Historically, most virtual human character research focuses on realism/emotions, interaction with humans, and discourse. The majority of the spatial positioning of characters has focused on one-on-one conversations with humans or placing virtual characters side-by-side when talking. These rely on conversation space as the main driver (if any) for character placement.
Movies and games rely on motion capture (mocap) files and hard-coded functions to perform spatial movements. These require extensive technical knowledge just to have a character move from one place to another. Other methods involve the use of Behavior Markup Language (BML), a form of XML, which describes character behaviors. BML Realizers take this BML and perform the requested behavior(s) on the character(s). Also, there are waypoint and other spatial navigation schemes, but they primarily focus on traversals and not correct positioning. Each of these require a fair amount of low-level detail and knowledge to write, plus BML realizers are still in their early stages of development.
Theatre, movies, and television all utilize a form of play-scripts, which provide detailed information on what the actor must do spatially, and when for a particular scene (that is spatio-temporal direction). These involve annotations, in addition to the speech, which identify scene setups, character movements, and entrances /exits. Humans have the ability to take these play-scripts and easily perform a believable scene.
This research focuses on utilizing play-scripts to provide spatio-temporal direction to virtual characters within a scene. Because of the simplicity of creating a playscript, and our algorithms to interpret the scripts, we are able to provide a quick method of blocking scenes with virtual characters.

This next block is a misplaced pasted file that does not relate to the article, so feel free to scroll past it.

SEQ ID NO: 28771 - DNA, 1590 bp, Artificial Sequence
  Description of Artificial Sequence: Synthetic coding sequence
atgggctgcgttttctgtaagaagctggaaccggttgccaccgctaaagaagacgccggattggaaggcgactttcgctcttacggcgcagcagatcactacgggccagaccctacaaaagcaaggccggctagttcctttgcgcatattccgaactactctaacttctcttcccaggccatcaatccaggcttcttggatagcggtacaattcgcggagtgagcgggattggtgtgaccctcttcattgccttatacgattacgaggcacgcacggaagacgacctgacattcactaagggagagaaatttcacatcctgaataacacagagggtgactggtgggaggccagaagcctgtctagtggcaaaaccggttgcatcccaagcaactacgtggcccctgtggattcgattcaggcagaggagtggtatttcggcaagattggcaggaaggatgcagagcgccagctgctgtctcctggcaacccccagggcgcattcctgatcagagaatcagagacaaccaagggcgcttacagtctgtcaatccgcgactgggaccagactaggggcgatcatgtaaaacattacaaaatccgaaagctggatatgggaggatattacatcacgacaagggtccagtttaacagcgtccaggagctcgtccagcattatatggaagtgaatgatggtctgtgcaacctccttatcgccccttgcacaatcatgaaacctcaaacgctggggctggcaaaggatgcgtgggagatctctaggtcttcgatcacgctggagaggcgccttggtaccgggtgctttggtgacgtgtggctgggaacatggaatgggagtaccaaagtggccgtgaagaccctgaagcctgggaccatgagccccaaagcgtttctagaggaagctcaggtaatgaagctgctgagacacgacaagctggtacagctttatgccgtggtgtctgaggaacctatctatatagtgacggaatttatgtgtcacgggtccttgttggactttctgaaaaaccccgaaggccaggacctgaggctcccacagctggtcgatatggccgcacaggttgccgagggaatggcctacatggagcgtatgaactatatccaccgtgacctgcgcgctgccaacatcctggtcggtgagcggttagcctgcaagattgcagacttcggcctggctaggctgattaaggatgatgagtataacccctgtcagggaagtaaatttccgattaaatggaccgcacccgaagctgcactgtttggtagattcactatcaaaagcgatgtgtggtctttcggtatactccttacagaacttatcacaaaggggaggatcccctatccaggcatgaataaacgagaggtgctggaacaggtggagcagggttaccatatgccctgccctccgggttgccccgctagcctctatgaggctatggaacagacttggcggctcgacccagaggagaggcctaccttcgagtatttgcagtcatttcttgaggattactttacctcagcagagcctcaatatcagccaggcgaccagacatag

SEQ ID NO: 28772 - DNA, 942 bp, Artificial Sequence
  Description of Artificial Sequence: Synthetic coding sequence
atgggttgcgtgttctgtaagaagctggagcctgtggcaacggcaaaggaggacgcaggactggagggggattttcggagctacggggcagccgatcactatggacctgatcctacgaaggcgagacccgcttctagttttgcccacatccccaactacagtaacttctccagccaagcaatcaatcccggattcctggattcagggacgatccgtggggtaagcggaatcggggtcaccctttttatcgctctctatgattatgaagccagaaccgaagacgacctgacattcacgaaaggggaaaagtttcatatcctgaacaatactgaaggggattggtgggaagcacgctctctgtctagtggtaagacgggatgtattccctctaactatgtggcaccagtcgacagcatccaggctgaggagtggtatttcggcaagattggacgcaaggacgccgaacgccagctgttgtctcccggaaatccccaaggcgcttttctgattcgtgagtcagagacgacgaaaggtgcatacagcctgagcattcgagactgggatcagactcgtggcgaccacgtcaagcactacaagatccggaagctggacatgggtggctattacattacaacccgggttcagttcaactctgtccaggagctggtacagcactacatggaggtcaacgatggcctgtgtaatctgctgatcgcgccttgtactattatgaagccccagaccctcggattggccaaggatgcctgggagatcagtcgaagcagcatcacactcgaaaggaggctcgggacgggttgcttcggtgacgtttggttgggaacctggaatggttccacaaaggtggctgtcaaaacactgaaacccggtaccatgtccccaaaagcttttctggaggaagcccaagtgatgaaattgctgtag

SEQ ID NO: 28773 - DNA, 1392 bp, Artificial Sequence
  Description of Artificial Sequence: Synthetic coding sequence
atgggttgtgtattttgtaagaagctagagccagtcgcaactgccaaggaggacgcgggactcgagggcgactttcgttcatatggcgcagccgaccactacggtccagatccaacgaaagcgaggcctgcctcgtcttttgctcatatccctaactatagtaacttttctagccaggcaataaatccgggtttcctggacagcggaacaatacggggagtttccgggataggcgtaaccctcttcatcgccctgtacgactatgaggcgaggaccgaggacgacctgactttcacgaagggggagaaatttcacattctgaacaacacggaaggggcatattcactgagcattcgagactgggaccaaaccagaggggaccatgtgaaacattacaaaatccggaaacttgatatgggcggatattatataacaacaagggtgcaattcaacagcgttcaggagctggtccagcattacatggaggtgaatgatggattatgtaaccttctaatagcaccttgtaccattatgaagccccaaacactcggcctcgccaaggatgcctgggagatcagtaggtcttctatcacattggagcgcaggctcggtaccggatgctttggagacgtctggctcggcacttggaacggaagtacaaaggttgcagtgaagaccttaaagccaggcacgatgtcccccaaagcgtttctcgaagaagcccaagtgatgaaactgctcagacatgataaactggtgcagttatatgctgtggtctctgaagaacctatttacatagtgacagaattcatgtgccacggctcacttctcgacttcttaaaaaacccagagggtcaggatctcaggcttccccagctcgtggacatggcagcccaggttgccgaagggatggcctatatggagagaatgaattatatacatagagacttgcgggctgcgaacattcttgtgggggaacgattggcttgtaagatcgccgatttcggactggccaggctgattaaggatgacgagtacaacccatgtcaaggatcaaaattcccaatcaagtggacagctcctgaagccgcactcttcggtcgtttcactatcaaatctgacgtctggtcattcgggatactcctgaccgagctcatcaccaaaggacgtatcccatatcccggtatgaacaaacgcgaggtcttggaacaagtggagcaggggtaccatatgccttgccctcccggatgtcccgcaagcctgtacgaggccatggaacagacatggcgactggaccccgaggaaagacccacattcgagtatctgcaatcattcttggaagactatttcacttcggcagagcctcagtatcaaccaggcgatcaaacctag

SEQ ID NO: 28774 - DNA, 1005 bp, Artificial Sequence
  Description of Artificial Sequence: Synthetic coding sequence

We focus on not only an all-virtual cast of characters, but also human-controlled characters intermixing with the virtual characters for the scene. The key here is that human-controlled characters introduce a dynamic spatial component that affects how the virtual characters should perform the scene to ensure continuity, cohesion, and inclusion with the human-controlled character.
The algorithms to accomplish the blocking of a scene from a standard play-script are the core research contribution. These techniques include some part of speech tagging, named entity recognition, a rules engine, and strategically designed force-directed graphs. With these methods, we are able to similarly map any play-script’s spatial positioning of characters to a human-performed version of the same playscript. Also, human-based evaluations indicate these methods provide a qualitatively good performance.
Potential applications include: a rehearsal tool for actors; a director tool to help create a play-script; a controller for virtual human characters in games or virtual environments; or a planning tool for positioning people in an industrial environment.
|Advisor:||Youngblood, G. Michael|
|Commitee:||Hartley, Andrew, Souvenir, Richard, Subramanian, Kalpathi, Xiao, Jing|
|School:||The University of North Carolina at Charlotte|
|School Location:||United States -- North Carolina|
|Source:||DAI-B 79/09(E), Dissertation Abstracts International|
|Subjects:||Artificial intelligence, Computer science|
|Keywords:||Force-directed graphs, Natural language processing, Play-scripts, Spatio-temporal reasoning, Virtual environments|
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